WORKING WILD

Photo by Melanie Elzinga

OUR GOAL

Thriving ranches and thriving wildlife.

Working lands stitch together the patchwork of landscapes that create the character of the West and the open space valued by so many, both people and wildlife. The Working WildChallenge is a landowner-led effort that recognizes the challenge of ranching with wildlife, and facilitates constructive dialogue between wildlife managers and working lands stewards to solve problems through peer learning, public policies, and increasing access to technical and financial assistance. Our approach leads to stronger partnerships, more resilient ranches, and ultimately, better-connected landscapes. 

OUR APPROACH

Understanding. Connection. Solutions.

Seeking Understanding

Between private stewards, public lands and wildlife managers, conservation organizations, and the public. Holding space on the landscape requires holding space for difficult conversations.

Connecting Practitioners

Through ranch tours, listening sessions, practitioner calls, stakeholder gatherings, virtual meetings, and publications, we connect with each other to promote peer-to-peer information exchange.

Creating economic and policy solutions

As primary stakeholders with deep personal and financial ties to the land, we ensure that landowners have a direct voice in the policy matters that impact us.

Photo by Melanie Elzinga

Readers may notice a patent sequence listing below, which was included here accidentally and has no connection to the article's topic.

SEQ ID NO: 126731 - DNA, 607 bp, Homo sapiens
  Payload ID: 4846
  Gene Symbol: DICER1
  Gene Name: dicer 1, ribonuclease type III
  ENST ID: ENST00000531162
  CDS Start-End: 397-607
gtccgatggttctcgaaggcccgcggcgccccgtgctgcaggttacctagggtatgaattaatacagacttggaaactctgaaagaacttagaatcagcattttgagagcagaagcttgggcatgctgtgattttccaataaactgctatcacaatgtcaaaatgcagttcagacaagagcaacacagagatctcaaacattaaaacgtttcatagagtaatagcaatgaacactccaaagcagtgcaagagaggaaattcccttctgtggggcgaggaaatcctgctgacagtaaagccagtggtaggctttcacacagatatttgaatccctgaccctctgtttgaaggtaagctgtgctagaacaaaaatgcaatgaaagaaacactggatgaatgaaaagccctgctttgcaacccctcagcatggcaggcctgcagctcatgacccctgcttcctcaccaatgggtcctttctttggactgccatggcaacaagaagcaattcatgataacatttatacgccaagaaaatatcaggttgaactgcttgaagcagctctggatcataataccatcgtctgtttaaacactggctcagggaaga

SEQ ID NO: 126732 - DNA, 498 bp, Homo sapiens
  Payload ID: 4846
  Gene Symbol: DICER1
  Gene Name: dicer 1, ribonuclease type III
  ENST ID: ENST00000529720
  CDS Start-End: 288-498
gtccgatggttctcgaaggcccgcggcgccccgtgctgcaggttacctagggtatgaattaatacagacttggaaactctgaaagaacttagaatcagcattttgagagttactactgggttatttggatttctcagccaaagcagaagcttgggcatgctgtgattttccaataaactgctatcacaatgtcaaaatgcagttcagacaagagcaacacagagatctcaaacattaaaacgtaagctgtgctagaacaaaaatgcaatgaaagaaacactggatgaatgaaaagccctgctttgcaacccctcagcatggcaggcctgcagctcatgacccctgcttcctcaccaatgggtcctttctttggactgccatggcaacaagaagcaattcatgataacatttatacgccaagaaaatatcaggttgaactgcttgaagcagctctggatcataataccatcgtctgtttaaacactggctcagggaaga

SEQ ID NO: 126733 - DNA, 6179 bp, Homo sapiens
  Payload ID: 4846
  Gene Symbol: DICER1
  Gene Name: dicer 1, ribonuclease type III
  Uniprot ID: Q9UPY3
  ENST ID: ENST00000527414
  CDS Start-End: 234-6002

THE FOUR C's OF THE WWC

Conflict prevention, Control, Compensation & Collaboration

Conflict prevention

Conflict prevention tools need durable sources of funding to allow producers to implement these nonlethal methods within an adaptive framework.

Control

Lethal control is a critical tool in managing large carnivores on working landscapes; supporting, not undermining, conflict prevention. 

Compensation

Compensation for losses to predation is a reasonable and important form of public support for policies that expand the ranges of widely-valued wildlife like wolves and bears.

Collaboration

Collaboration engages landowners early and meaningfully in decision-making processes and is critical to both effectiveness and equity when developing wildlife policies and land management plans.

NRCS Sign On horizontal-landscape

Tell USDA that ranchers need assistance to manage the risks associated with predators

USDA asked us to demonstrate the need for cost-share and technical assistance for producer-implemented predator conflict prevention methods on working lands. Sign our letter to show your support!

SEE WHAT YOU MISSED | NOVEMBER 8-10, 2021

Beyond Conflict: Sustaining Economic Viability in the Working Wild

We hosted three engaging days (Nov. 8-10) with land stewards to seek solutions around large carnivore conflict reduction with partners from the Conflict on Working Lands Conservation Innovation Grant and Conflict Reduction Consortium.

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Rise to the Challenge. Give to support ranching and wildlife.

Help us grow the Working Wild Challenge program by donating now. Your financial contribution will help us expand our approach to more frontline communities across the West, ultimately connecting and protecting more landscapes.

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Looking for a particular solution? Facing a challenge you could use some advice on? Have a story you want to share? Send us a message!

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